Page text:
Father’s Day is more than just an opportunity to restock the socks and jocks. For the men on the ground who are doing their dad thing, day in and day out, it’s a chance to revel in the warmth of their children’s love and soak up some appreciation. It’s also an opportunity to reflect on what being a dad means to them. Research shows that dads are just as important to the mental and emotional health of their children as mothers, and more and more dads are responding to the challenge to take their dadding up a notch. Today we talk to dads about how they took to fatherhood, and how they think the role has changed over time.
Pietro, 62, says, ‘I certainly had a classic ‘provider dad’ growing up. He went to work and paid the bills. He was a nice guy, and loved us, I know. But he wasn’t ‘involved’ - if you know what I mean. My own experience of fatherhood started out quite similarly, until I got retrenched and I was at home with our toddler for a short period while my wife worked. That experience changed me.’
Pietro says he wouldn’t have questioned following in his own father’s footsteps until he realised what he was missing out on. ‘I had a traditional view that the mother is the most important caregiver and that that was natural and father’s should mostly provide and support the family. Hanging out with my son one-on-one, every single day totally changed my understanding of how important I was to him and what role I could play.’
The importance of being a ‘good dad’ is a view is shared by the University of Western Australia’s community program, The Fathering Project. Founded on research that proves fathers have a significant impact on the social, cognitive, emotional and physical well-being of their children, the Fathering Project runs programs and provides support to dads who want to improve their parenting. It’s an initiative that acknowledges how profoundly the relationship between father and child can affect their child’s future flourishing.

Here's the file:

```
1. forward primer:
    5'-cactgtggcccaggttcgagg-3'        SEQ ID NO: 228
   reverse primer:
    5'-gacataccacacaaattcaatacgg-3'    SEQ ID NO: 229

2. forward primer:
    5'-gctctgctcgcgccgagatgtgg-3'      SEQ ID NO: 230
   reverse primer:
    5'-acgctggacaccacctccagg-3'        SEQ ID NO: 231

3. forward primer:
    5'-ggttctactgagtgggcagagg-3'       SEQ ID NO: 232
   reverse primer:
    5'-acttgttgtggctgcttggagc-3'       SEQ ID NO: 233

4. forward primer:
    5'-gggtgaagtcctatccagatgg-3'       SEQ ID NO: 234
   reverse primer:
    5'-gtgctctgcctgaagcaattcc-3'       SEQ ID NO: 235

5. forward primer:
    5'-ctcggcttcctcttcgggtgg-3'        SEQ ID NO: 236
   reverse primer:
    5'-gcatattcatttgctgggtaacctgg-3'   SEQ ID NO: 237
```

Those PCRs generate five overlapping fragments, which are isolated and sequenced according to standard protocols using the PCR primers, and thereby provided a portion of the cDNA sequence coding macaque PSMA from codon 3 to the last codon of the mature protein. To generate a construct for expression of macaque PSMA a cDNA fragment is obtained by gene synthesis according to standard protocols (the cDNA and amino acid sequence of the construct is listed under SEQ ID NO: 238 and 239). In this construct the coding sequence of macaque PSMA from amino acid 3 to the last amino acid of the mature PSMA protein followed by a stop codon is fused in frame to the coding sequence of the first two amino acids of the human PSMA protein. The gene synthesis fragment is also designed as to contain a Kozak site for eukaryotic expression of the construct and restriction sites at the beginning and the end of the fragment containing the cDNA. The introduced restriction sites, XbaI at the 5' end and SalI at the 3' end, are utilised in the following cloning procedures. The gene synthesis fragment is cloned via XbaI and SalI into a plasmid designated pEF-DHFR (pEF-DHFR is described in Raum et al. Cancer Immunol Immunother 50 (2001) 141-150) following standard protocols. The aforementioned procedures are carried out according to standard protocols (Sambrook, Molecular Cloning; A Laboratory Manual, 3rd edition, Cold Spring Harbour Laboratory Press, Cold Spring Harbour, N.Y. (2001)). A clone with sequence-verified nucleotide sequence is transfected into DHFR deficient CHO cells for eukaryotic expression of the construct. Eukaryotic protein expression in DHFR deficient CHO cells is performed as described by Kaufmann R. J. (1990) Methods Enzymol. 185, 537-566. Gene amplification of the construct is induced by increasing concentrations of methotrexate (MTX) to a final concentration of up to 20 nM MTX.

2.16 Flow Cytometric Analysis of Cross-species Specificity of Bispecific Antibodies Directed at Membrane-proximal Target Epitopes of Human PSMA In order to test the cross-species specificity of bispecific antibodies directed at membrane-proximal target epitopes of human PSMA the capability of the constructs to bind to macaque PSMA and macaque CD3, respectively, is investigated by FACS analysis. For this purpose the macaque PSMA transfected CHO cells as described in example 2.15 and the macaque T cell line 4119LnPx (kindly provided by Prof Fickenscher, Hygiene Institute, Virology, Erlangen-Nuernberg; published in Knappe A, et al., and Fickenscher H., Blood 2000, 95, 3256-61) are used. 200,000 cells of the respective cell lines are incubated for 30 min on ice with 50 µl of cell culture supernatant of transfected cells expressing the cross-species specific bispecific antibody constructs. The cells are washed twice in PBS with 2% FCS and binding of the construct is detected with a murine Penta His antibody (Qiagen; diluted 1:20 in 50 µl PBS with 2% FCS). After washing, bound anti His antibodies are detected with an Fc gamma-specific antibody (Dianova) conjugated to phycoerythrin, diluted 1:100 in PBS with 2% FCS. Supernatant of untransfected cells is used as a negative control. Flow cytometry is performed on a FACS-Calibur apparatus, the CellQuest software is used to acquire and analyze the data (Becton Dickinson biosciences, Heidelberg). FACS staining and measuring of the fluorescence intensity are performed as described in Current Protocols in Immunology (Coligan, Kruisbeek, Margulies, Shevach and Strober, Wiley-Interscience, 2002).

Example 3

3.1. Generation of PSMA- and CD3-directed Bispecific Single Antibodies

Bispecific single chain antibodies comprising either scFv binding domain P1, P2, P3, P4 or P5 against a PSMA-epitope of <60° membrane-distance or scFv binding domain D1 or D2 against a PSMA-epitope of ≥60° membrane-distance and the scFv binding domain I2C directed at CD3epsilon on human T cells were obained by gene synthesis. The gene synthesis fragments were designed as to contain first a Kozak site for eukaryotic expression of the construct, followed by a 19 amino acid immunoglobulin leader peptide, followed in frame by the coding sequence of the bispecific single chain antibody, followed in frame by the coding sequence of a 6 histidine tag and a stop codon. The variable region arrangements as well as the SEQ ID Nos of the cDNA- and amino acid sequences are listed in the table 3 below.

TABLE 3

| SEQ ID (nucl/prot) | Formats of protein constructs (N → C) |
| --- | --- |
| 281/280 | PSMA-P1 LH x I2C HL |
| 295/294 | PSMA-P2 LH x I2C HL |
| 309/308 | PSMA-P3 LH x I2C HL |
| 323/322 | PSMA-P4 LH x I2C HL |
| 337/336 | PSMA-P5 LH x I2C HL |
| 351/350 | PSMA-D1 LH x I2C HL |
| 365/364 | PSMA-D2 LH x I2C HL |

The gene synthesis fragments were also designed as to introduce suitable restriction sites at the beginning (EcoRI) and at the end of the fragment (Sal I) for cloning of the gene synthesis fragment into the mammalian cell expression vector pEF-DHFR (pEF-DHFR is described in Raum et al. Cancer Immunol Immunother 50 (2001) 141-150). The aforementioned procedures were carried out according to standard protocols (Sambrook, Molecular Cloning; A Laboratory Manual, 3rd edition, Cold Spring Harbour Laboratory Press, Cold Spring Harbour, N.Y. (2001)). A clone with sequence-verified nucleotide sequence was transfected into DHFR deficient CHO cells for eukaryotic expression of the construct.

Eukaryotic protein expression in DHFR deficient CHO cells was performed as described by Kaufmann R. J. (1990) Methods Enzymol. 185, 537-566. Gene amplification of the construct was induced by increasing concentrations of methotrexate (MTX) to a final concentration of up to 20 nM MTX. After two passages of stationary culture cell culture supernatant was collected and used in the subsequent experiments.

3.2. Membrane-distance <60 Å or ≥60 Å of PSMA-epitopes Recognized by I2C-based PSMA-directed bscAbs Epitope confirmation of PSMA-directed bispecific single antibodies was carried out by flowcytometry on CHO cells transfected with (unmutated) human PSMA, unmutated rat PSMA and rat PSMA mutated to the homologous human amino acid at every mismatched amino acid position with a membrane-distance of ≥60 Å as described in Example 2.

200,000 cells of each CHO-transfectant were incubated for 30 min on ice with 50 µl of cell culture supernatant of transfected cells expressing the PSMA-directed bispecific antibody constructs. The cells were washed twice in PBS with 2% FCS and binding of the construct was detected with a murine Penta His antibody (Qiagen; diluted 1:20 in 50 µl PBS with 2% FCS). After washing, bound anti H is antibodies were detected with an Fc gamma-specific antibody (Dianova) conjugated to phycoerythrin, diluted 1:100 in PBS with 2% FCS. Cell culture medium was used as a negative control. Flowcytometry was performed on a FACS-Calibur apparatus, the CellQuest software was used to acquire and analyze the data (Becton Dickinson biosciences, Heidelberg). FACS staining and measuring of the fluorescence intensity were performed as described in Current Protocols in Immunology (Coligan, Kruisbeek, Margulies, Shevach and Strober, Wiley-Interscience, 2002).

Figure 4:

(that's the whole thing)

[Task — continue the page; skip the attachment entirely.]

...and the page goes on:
Indeed, The Fathering Project points out just how crucial having a good father-child relationship is to appreciating dad jokes, too. ‘There are studies now which show that if a father is involved with children from infancy, by 7 years of age they have a higher I.Q., do better in school and have a better sense of humour.’
For Gregor, 72, living up to his father’s incredible example was the goal from Day 1 of becoming a dad to Evie, now 35. ‘My old dad just ‘got’ me.’ Gregor says, ‘I felt like he believed in me and everything I could do. He was at every sporting event and endured a lot of boring inter-school debating, chess club, you name it. But he also set an example of what it meant to be a man; taking responsibility, owning your actions and never being a ‘sheep’.’
Gregor says his relationship with his adult daughter is the joy of his life and he’s now the keenest grandfather he knows, too! ‘As a grandfather I see men of my own generation still struggling with how to ‘be involved’ with their grandkids - they leave it all up to grandma and I think that’s a shame. They’re missing out a second time.’
The alienation from family life that was typical of Gregor’s generation is a trend modern fathers have well and truly bucked. While ‘daddy day care’ is still in its infancy (yes, pun intended), there is a growing number of men opting to stay at home while mum goes to work. There is also a wider understanding of the importance of fathers and an expectation they will share the load of child rearing, not just the expenses. And, most importantly, it’s a change that fathers themselves welcome. As Pietro says, ‘Being a dad is the greatest thing I’ll ever do. It’s given me life, fulfillment, joy, responsibility and love. It’s everything.’